Celene I. Bock, Appellant-Petitioner,
Dale F. Bock, Appellee-Respondent
from the Lake Superior Court Trial Court Cause No.
45D03-1512-DR-849 The Honorable Elizabeth F. Tavitas, Judge,
The Honorable Thomas P. Hallett, Magistrate judge
Attorneys for Appellant George S. Brasovan Law Office of
George S. Brasovan, P.C. Merrillville, Indiana Renee M.
Ortega ROK Legal Group, LLC Crown Point, Indiana
Attorney for Appellee George R. Livarchik Livarchik &
Farahmand Chesterton, Indiana
I. Bock ("Wife") appeals the trial court's
division of property in proceedings dissolving her marriage
to Dale F. Bock ("Husband"). She alleges that the
trial court erred in including as a marital asset her
survivor benefit from Husband's pension. She also
challenges the valuation of the survivor benefit as well as
the trial court's equal division of the marital estate.
Finding that Wife's survivor benefit was properly
included and valued and that the trial court acted within its
discretion in equally dividing the marital estate, we affirm.
and Procedural History 
Husband and Wife married in August 1985 and separated in
December 2015. Before the marriage and until his 2005
retirement, Husband was employed at the Lake County
Sheriff's Department. He had accrued ten years of service
on his Sheriff's Department pension prior to the marriage
and began taking disbursements in 2005. He made an election
for Wife to receive a survivor benefit ("SBP")
under the pension plan, and the election was irrevocable once
he began taking disbursements. The SBP election resulted in a
lower monthly disbursement under the plan.
In December 2015, Wife filed a verified petition for marital
dissolution. The trial court conducted hearings on three
different dates, the last of which was March 1, 2017, and the
parties waived the time limit for issuance of the dissolution
decree. Three weeks later, Wife filed a motion to re-open her
case in chief, and following a hearing, the trial court
granted Wife's motion and permitted her to submit
additional evidence concerning the value of Husband's
In April 2017, Wife sought and was granted permission to file
a pension evaluation and analysis. Both parties filed
proposed dissolution decrees, with Wife seeking to exclude
her SBP from the marital estate and requesting fifty-eight
percent of the marital estate and Husband seeking the
pre-coverture portion of his property. Wife filed a motion to
strike Husband's amended proposed decree, which the trial
court denied. On July 20, 2017, the trial court issued its
dissolution decree with findings of fact and conclusions
thereon. The court valued Husband's pension at $460,
211.60, to be divided equally pursuant to its finding that
the parties had failed to prove any grounds for deviating
from the statutory fifty/fifty presumptive split. The court
included as marital property Wife's SBP, valued at $83,
401, and awarded it to her as part of the property division.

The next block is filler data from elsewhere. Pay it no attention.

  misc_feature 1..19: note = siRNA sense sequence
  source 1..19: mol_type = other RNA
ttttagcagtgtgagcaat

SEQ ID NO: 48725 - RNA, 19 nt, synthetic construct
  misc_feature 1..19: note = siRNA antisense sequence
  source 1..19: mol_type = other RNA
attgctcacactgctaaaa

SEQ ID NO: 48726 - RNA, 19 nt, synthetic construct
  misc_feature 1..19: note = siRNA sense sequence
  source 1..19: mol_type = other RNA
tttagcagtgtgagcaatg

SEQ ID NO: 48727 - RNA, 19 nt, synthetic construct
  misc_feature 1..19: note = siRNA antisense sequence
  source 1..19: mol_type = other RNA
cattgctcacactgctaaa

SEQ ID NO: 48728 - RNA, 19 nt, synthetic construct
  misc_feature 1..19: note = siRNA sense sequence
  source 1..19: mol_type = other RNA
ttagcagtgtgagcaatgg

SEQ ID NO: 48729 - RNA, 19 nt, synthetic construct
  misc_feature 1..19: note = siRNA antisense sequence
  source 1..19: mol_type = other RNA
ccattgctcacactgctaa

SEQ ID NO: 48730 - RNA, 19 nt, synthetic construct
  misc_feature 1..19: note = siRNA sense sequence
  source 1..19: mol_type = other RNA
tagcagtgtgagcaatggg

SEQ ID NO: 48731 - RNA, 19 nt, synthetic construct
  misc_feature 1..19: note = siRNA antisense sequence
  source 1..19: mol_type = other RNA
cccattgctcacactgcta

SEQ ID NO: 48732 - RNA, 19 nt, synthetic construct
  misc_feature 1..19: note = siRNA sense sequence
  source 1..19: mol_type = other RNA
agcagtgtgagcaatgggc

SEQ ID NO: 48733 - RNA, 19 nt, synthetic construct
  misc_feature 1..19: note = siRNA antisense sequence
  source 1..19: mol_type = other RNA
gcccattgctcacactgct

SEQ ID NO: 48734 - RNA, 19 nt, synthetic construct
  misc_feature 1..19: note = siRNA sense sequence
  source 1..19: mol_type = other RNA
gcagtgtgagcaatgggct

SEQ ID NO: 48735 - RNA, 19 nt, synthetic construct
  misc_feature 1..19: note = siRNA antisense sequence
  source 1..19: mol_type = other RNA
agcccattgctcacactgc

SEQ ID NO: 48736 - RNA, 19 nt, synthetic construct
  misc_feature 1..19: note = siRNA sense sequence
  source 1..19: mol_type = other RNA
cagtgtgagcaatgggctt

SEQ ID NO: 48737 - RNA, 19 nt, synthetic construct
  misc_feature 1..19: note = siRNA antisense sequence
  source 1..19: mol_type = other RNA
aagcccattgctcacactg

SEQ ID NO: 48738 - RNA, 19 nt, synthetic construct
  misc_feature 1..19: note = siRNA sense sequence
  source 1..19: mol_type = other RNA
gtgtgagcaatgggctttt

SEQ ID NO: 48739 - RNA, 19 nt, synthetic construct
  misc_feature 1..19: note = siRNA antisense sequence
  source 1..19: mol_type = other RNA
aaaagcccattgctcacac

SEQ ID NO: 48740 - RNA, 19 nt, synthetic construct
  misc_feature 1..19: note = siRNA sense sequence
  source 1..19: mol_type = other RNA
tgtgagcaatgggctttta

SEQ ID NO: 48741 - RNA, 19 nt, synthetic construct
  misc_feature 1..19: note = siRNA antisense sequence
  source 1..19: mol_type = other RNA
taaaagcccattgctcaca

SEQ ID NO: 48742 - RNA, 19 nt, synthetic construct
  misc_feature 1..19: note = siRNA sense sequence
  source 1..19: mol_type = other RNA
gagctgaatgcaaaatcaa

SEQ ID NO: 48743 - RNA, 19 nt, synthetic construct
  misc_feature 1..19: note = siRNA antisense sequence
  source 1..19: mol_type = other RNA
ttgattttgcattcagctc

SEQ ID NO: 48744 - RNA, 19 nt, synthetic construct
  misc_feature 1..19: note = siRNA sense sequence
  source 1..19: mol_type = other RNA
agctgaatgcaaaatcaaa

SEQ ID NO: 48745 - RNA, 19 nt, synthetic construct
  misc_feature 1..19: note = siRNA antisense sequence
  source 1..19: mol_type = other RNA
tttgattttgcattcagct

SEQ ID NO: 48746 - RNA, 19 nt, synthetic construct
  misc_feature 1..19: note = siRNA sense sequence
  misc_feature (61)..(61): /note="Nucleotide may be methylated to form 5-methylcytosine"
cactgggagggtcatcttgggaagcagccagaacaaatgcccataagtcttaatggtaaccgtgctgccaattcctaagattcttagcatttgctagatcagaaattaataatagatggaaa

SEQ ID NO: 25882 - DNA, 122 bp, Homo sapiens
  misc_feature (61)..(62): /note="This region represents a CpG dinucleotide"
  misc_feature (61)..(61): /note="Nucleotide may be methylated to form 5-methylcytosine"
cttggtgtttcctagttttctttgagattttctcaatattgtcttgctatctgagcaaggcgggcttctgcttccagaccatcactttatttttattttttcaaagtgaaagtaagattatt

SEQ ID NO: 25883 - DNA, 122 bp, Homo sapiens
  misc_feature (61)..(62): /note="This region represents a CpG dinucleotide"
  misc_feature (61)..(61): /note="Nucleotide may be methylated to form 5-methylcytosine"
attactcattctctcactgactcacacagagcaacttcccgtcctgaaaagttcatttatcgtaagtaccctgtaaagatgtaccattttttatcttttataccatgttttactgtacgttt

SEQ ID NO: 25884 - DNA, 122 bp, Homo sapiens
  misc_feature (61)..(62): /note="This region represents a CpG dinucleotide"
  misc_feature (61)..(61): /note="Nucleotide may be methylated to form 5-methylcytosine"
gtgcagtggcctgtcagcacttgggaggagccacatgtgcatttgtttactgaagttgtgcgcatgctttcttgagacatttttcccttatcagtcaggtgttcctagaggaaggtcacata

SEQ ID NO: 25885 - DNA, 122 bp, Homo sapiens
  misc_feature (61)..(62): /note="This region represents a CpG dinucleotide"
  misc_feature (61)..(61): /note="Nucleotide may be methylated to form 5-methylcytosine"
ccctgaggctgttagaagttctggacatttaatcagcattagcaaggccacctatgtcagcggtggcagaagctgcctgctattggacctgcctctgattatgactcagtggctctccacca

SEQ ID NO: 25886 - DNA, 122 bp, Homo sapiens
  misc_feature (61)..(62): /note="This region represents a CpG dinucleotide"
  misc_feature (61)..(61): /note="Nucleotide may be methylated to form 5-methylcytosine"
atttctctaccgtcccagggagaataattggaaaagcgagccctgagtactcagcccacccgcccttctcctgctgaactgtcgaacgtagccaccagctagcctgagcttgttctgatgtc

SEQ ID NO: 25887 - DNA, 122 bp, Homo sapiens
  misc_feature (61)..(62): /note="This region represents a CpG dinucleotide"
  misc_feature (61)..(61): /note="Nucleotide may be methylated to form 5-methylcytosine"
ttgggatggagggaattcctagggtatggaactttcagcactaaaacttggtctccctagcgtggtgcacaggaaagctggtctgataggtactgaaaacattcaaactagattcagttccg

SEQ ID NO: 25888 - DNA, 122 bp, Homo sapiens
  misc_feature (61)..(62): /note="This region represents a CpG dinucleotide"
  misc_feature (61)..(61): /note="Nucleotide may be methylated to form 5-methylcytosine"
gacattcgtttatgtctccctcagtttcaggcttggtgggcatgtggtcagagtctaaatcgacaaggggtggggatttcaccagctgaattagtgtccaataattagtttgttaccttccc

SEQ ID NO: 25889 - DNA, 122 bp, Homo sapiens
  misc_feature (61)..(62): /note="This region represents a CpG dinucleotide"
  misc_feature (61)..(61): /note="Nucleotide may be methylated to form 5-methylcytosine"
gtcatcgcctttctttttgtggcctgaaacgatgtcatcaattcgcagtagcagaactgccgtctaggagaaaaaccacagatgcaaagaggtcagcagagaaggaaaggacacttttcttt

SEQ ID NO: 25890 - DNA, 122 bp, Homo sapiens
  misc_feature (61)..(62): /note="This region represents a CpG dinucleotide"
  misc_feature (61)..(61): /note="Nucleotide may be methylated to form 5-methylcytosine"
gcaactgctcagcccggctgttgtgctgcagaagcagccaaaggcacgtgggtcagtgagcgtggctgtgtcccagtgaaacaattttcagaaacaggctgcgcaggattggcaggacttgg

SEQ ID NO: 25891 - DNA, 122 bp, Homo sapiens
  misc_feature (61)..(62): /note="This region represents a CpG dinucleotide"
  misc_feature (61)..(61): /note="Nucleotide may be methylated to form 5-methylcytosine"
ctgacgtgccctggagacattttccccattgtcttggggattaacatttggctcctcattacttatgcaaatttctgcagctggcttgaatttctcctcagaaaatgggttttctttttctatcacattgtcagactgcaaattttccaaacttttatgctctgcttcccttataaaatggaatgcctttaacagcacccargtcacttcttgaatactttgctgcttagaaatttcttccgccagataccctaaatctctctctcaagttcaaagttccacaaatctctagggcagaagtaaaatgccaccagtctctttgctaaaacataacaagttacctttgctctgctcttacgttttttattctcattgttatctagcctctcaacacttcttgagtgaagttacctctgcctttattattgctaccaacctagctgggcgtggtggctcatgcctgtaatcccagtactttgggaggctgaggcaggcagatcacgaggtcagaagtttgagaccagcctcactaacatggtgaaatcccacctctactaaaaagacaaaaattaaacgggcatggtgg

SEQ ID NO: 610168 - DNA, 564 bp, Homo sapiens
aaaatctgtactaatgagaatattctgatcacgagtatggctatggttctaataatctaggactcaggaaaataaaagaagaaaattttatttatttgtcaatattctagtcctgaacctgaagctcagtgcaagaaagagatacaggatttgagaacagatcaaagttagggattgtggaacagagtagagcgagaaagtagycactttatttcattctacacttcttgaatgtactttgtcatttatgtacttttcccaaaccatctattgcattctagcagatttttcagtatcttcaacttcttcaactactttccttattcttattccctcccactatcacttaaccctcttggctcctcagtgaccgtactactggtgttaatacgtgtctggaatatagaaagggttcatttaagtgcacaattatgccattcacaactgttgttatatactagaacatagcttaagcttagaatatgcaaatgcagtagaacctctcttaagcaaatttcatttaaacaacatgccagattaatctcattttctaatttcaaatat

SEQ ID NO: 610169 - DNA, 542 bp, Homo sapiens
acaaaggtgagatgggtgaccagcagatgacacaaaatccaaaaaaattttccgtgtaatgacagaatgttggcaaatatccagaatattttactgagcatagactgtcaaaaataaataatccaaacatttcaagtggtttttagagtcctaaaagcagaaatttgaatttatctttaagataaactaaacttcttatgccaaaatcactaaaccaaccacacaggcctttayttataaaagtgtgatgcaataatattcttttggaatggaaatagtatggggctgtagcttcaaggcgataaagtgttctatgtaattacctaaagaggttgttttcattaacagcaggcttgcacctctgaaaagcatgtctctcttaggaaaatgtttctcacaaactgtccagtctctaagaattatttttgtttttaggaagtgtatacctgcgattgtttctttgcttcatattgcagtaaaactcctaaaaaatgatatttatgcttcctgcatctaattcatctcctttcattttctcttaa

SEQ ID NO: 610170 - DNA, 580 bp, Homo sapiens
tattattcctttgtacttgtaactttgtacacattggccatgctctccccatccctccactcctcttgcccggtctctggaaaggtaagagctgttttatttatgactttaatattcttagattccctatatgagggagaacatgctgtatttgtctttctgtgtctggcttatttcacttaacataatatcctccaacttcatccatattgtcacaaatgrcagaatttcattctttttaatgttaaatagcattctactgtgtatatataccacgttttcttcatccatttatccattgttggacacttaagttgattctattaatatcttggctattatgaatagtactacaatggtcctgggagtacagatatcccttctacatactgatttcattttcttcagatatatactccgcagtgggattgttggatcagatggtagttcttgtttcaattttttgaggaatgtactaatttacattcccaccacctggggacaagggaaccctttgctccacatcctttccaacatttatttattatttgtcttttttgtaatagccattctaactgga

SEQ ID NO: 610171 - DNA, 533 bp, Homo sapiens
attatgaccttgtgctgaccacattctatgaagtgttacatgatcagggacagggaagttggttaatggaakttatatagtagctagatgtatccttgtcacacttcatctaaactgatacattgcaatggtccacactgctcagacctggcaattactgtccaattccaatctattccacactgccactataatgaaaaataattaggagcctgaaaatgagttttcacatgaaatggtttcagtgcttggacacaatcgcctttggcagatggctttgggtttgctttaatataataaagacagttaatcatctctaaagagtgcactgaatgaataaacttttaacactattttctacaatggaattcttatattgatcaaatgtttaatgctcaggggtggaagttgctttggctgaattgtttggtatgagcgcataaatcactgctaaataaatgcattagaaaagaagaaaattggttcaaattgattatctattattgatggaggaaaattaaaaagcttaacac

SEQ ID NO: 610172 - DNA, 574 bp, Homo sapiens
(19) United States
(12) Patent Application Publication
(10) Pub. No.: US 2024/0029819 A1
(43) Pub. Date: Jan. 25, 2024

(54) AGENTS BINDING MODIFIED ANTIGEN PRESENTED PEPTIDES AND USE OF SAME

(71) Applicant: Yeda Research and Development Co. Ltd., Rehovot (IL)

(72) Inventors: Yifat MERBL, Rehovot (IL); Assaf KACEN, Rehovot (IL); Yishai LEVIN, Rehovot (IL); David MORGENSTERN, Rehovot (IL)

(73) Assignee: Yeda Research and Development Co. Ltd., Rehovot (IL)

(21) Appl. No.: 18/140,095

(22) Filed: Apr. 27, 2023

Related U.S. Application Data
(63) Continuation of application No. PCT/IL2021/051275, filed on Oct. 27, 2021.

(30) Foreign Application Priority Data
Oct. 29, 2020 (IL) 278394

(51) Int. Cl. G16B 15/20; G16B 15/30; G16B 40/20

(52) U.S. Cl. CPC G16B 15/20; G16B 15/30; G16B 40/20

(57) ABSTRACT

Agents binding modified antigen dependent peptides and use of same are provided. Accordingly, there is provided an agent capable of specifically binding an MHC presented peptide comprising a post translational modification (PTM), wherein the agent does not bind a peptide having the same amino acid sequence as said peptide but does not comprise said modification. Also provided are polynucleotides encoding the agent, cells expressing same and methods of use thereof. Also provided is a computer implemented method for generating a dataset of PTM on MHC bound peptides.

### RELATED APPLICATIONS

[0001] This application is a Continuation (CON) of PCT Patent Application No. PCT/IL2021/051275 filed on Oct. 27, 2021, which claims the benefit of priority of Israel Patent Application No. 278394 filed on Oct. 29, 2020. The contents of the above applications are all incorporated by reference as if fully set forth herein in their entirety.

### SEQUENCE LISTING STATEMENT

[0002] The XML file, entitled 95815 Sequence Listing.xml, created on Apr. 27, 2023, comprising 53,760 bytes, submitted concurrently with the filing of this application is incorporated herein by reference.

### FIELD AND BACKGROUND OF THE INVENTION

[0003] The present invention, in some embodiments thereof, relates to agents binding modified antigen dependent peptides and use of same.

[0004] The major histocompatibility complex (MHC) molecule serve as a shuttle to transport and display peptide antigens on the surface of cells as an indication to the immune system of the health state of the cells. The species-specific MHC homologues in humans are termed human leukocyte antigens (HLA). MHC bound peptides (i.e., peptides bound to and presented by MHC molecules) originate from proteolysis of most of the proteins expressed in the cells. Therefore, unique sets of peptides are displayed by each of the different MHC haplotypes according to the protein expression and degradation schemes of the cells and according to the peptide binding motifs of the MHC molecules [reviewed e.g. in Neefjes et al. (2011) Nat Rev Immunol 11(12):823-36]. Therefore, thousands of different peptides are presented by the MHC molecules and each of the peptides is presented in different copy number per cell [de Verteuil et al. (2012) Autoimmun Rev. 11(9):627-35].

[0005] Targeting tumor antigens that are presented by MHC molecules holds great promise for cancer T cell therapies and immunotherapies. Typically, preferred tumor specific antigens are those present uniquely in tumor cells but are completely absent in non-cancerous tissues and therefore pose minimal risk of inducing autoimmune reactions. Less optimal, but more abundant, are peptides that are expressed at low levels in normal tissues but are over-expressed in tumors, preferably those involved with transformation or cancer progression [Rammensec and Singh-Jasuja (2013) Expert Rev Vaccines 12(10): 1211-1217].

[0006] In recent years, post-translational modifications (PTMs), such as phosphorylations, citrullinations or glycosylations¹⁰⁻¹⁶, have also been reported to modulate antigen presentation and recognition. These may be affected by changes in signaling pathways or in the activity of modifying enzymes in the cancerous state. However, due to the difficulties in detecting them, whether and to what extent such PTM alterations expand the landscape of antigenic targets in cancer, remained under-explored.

Both parties filed motions to correct error, and Husband
sought clarification and correction of a clerical error in
the trial court's decree and a stay of execution. The
court corrected a clerical error in paragraph
of its order and otherwise denied Husband's motions. Wife
withdrew her assertion of error related to paragraph 15, and
the court denied the balance of her motion to correct error.
Wife now appeals. Additional facts will be provided as
and Decision Section
- The trial court did not err in including Wife's SBP
interest in the marital estate.
Wife contends that the trial court erred in including the SBP
in the marital estate. Where, as here, the trial court enters
findings of fact and conclusions sua sponte, the specific
findings control only with respect to the issues they cover,
and we apply a general judgment standard to all issues on
which there are no findings. In re Marriage of
Sutton, 16 N.E.3d 481, 484-85 (Ind.Ct.App. 2014). The
findings or judgment will be set aside only if they are
clearly erroneous, meaning that there are no facts or
inferences drawn therefrom to support them. Id. at
Wife admits that, "[u]pon analysis, the [SBP] is vested
and is a marital asset." Appellant's Br. at 15.
Notwithstanding, she claims that it should have been excluded
from the marital pot.
It is well settled that in a dissolution action, all marital
property goes into the marital pot for division, whether it
was owned by either spouse before the marriage, acquired by
either spouse after the marriage and before final separation
of the parties, or acquired by their joint efforts. Ind. Code
§ 31-15-7-4(a). For purposes of dissolution, property
means "all the assets of either party or both
parties." Ind. Code § 31-9-2-98 (emphasis added).
The requirement that all marital assets be placed in the
marital pot is meant to insure that the trial court first
determines that value before endeavoring to divide property.
Indiana's "one pot" theory prohibits the
exclusion of any asset in which a party has a vested interest
from the scope of the trial court's power to divide and
award. While the trial court may decide to award a particular
asset solely to one spouse as part of its just and reasonable
property division, it must first include the asset in its
consideration of the marital estate to be divided.
Falatovics v. Falatovics, 15 N.E.3d 108, 110
(Ind.Ct.App. 2014) (citations and quotation ...